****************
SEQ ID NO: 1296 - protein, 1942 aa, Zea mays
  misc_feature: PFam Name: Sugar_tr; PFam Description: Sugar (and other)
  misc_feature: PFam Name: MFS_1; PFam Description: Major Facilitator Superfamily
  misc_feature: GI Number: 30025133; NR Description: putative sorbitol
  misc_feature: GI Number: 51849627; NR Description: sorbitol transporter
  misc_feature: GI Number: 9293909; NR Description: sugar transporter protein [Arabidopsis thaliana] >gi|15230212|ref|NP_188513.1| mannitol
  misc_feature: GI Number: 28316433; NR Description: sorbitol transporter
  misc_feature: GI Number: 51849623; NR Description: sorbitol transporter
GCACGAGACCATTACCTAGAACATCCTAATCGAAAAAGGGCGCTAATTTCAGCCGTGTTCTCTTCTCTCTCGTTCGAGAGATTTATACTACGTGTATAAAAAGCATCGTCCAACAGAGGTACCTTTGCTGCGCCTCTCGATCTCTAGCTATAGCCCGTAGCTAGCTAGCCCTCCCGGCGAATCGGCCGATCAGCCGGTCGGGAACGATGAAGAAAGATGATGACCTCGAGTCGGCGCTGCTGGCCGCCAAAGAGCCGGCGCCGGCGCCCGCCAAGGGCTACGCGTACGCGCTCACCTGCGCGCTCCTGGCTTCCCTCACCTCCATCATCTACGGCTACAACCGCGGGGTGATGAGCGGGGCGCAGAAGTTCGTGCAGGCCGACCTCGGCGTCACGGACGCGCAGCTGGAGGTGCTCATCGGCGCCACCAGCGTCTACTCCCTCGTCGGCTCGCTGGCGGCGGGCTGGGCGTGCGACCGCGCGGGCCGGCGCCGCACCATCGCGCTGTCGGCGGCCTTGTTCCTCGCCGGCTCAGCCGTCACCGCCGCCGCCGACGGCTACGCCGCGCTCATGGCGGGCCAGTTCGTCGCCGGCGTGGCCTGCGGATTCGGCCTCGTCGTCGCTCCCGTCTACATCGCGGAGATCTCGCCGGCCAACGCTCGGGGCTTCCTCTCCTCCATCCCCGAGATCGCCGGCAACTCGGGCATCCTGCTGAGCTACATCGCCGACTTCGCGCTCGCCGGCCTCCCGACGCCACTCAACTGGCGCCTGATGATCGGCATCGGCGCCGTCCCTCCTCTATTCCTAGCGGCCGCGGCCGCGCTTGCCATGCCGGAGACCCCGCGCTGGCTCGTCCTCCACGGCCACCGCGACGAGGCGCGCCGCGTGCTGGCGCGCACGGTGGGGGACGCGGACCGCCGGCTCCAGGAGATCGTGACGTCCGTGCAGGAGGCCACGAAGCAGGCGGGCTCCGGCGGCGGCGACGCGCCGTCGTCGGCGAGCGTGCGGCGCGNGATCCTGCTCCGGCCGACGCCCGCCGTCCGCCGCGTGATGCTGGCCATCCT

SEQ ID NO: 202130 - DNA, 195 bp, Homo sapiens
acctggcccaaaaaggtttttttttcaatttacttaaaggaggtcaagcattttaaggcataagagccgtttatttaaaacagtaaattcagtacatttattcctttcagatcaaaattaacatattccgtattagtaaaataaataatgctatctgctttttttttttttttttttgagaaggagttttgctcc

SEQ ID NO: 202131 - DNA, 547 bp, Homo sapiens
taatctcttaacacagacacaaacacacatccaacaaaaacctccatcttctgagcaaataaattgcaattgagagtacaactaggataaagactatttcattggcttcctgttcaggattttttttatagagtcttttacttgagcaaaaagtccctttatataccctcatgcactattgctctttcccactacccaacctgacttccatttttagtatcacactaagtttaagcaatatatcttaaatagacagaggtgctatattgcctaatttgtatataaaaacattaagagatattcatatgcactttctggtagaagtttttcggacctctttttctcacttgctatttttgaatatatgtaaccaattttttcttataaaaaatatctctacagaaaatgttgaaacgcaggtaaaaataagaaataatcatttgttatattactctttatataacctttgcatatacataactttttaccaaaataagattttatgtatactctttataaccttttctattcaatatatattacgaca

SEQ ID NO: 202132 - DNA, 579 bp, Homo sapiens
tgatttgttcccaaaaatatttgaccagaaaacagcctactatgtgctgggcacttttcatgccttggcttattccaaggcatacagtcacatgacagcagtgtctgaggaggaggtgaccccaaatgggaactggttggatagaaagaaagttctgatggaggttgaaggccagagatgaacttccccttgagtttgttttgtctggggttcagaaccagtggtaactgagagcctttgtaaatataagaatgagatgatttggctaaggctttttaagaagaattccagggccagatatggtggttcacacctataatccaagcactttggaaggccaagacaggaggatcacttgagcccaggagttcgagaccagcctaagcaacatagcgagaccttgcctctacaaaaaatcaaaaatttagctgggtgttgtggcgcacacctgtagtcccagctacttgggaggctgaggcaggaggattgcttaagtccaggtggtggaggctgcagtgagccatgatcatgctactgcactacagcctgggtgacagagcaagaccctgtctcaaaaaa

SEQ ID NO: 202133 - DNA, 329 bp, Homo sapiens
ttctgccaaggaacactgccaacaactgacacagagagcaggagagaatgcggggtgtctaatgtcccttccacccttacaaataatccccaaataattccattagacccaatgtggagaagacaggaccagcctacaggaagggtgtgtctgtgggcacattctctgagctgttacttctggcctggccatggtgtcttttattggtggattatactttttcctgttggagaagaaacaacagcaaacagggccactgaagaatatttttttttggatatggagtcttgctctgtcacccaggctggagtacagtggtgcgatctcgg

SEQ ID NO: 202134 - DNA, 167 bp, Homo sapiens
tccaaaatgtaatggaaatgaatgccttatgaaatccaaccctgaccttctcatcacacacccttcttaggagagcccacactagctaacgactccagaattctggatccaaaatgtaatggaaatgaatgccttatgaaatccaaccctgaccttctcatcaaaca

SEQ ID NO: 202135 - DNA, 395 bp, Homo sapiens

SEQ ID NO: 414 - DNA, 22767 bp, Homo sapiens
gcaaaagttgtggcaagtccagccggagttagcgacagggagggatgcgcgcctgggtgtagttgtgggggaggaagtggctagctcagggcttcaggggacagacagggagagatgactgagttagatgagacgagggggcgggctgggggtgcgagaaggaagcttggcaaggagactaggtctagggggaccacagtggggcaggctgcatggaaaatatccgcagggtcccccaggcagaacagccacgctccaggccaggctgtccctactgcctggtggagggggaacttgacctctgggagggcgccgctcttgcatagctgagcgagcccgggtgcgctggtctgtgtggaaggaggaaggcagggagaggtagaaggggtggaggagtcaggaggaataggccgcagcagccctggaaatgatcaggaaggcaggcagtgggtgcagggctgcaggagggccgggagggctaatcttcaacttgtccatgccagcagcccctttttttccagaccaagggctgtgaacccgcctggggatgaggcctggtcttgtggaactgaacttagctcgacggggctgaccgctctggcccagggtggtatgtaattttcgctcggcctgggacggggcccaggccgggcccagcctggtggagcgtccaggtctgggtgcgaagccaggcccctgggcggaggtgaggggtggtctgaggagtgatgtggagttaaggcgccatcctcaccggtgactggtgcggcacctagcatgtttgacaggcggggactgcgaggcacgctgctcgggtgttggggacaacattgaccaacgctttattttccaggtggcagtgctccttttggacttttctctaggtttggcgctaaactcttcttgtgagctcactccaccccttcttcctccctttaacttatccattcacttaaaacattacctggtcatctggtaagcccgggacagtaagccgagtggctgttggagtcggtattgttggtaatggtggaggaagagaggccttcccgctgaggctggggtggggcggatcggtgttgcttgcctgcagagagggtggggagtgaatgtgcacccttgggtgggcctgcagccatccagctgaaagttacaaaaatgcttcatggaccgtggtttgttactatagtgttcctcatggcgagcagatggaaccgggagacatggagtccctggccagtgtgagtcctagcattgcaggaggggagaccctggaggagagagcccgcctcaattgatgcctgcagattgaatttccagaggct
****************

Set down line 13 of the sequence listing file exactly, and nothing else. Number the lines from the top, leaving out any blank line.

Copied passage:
taatctcttaacacagacacaaacacacatccaacaaaaacctccatcttctgagcaaataaattgcaattgagagtacaactaggataaagactatttcattggcttcctgttcaggattttttttatagagtcttttacttgagcaaaaagtccctttatataccctcatgcactattgctctttcccactacccaacctgacttccatttttagtatcacactaagtttaagcaatatatcttaaatagacagaggtgctatattgcctaatttgtatataaaaacattaagagatattcatatgcactttctggtagaagtttttcggacctctttttctcacttgctatttttgaatatatgtaaccaattttttcttataaaaaatatctctacagaaaatgttgaaacgcaggtaaaaataagaaataatcatttgttatattactctttatataacctttgcatatacataactttttaccaaaataagattttatgtatactctttataaccttttctattcaatatatattacgaca